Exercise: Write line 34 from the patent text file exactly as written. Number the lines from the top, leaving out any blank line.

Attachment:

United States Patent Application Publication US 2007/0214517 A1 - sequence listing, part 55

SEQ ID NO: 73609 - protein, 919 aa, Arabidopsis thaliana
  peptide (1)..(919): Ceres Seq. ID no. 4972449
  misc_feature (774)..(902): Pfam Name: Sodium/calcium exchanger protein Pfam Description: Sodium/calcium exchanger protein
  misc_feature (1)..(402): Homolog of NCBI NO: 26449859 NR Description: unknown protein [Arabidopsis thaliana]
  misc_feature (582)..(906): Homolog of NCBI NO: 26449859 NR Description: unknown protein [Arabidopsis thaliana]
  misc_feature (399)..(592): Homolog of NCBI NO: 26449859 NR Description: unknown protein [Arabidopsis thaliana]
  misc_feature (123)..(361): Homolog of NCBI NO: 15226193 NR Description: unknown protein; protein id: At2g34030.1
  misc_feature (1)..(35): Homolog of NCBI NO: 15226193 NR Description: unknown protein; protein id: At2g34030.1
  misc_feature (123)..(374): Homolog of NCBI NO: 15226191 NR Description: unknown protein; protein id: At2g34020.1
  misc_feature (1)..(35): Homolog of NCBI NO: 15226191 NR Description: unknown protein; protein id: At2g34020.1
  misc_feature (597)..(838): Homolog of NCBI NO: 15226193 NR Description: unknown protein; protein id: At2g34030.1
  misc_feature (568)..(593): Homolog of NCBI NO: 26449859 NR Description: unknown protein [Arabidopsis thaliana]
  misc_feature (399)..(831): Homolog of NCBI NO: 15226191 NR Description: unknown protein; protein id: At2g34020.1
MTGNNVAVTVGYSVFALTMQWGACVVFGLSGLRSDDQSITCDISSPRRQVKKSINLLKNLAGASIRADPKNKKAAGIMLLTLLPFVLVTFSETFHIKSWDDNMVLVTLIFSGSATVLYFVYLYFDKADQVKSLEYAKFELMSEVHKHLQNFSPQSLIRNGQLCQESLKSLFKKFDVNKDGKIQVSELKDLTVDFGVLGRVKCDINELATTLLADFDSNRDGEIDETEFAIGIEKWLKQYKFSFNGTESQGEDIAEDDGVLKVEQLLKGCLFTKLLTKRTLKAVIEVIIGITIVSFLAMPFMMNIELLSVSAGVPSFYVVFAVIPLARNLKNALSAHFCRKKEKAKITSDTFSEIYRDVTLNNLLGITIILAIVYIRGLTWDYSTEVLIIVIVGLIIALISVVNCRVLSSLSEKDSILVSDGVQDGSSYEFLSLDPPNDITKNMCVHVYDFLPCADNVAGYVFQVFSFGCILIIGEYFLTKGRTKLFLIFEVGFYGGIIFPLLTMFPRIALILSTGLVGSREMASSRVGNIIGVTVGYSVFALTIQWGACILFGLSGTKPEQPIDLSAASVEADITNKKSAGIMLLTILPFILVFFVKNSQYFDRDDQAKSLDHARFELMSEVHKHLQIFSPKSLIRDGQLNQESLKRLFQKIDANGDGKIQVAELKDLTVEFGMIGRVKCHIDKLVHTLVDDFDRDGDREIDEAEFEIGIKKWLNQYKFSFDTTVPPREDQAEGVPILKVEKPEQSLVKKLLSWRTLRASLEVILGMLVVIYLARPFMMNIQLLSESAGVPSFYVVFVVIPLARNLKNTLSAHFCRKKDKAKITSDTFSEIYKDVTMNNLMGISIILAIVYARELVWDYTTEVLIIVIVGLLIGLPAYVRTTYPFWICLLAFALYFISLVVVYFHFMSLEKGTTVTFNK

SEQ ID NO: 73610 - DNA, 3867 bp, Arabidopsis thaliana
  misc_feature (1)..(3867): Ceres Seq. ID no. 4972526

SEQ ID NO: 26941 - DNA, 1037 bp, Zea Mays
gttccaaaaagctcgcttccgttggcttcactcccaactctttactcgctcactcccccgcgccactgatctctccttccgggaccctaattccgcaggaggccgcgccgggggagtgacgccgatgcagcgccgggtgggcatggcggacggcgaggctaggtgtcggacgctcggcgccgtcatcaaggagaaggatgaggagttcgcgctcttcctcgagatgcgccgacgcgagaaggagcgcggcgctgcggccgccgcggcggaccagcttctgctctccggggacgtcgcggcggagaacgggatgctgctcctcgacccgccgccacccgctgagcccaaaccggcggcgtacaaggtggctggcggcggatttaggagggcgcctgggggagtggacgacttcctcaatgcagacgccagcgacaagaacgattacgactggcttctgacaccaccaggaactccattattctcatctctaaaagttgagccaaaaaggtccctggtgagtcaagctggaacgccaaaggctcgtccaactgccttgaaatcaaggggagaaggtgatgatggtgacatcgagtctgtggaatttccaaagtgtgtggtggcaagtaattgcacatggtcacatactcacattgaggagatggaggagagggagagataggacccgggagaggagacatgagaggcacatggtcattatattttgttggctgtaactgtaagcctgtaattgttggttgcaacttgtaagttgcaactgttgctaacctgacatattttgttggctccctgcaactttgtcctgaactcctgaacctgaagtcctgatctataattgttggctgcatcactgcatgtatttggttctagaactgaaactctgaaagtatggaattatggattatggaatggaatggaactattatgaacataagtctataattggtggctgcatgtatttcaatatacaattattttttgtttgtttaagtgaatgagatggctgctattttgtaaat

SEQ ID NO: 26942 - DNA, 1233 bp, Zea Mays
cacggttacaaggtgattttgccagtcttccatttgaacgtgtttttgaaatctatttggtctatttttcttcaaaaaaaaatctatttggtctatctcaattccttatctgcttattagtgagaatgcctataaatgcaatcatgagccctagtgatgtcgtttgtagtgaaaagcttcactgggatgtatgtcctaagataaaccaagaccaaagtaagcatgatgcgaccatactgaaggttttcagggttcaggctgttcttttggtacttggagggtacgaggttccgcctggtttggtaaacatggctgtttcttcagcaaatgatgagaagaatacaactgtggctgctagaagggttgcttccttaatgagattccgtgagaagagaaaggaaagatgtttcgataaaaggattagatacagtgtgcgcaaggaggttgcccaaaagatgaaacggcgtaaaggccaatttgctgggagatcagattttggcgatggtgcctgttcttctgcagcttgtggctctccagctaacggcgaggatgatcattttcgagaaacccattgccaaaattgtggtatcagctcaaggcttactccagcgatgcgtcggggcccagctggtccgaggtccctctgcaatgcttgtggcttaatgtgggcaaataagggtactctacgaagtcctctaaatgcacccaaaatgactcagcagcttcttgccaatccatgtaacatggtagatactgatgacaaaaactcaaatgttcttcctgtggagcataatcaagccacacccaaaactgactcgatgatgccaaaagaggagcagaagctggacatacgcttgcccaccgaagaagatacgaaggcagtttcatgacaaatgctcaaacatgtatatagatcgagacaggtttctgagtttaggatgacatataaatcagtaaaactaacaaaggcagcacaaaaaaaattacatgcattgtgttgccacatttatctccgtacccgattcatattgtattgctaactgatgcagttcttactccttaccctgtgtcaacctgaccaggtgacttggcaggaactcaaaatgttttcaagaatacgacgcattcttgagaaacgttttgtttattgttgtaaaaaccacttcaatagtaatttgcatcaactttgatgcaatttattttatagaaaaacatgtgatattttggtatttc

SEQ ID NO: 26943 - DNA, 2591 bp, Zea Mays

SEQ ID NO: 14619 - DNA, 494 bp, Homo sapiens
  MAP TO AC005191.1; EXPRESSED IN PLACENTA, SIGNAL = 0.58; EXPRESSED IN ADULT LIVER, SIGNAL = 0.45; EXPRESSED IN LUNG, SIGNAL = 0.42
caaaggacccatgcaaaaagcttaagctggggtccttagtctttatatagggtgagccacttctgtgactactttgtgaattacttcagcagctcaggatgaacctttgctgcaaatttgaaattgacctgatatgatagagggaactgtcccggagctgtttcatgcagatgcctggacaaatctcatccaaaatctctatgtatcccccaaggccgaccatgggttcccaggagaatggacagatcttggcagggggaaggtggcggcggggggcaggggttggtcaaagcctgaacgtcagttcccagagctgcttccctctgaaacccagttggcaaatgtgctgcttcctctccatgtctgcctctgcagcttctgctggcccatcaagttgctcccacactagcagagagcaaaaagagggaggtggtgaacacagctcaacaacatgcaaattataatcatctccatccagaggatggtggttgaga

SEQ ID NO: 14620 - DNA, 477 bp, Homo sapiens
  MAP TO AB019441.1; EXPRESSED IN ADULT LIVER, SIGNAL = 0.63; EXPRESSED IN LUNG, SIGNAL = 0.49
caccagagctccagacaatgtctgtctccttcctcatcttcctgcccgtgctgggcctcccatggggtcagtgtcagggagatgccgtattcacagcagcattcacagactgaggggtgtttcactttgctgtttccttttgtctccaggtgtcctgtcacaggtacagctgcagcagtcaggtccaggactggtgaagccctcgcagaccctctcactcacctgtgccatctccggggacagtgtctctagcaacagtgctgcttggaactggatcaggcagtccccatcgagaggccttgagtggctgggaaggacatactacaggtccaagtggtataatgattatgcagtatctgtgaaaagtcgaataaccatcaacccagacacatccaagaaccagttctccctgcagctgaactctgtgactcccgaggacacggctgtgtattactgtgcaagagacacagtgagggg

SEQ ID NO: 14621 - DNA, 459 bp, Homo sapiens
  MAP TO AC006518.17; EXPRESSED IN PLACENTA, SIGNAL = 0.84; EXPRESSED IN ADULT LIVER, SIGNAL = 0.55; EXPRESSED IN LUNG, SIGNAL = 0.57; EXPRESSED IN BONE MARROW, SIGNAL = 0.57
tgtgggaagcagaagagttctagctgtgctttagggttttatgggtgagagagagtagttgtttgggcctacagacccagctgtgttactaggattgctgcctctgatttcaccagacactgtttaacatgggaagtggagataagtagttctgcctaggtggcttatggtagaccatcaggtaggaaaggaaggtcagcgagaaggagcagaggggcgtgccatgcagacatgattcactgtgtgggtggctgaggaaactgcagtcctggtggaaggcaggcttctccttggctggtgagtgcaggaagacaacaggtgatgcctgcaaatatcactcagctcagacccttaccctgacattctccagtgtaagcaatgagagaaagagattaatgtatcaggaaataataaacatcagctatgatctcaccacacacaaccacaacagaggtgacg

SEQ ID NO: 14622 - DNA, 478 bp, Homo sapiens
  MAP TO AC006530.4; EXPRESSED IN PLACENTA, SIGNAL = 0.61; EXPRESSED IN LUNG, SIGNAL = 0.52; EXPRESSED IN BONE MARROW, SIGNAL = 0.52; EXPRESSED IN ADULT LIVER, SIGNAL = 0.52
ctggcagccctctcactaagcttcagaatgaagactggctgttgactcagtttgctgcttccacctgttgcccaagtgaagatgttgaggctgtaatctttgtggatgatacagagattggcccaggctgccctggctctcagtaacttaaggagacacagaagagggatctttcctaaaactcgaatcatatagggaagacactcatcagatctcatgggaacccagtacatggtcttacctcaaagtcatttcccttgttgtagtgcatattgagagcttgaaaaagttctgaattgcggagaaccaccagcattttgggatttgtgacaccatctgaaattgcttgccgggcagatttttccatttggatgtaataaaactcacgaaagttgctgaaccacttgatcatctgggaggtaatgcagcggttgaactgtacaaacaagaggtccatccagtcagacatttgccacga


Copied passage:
ctggcagccctctcactaagcttcagaatgaagactggctgttgactcagtttgctgcttccacctgttgcccaagtgaagatgttgaggctgtaatctttgtggatgatacagagattggcccaggctgccctggctctcagtaacttaaggagacacagaagagggatctttcctaaaactcgaatcatatagggaagacactcatcagatctcatgggaacccagtacatggtcttacctcaaagtcatttcccttgttgtagtgcatattgagagcttgaaaaagttctgaattgcggagaaccaccagcattttgggatttgtgacaccatctgaaattgcttgccgggcagatttttccatttggatgtaataaaactcacgaaagttgctgaaccacttgatcatctgggaggtaatgcagcggttgaactgtacaaacaagaggtccatccagtcagacatttgccacga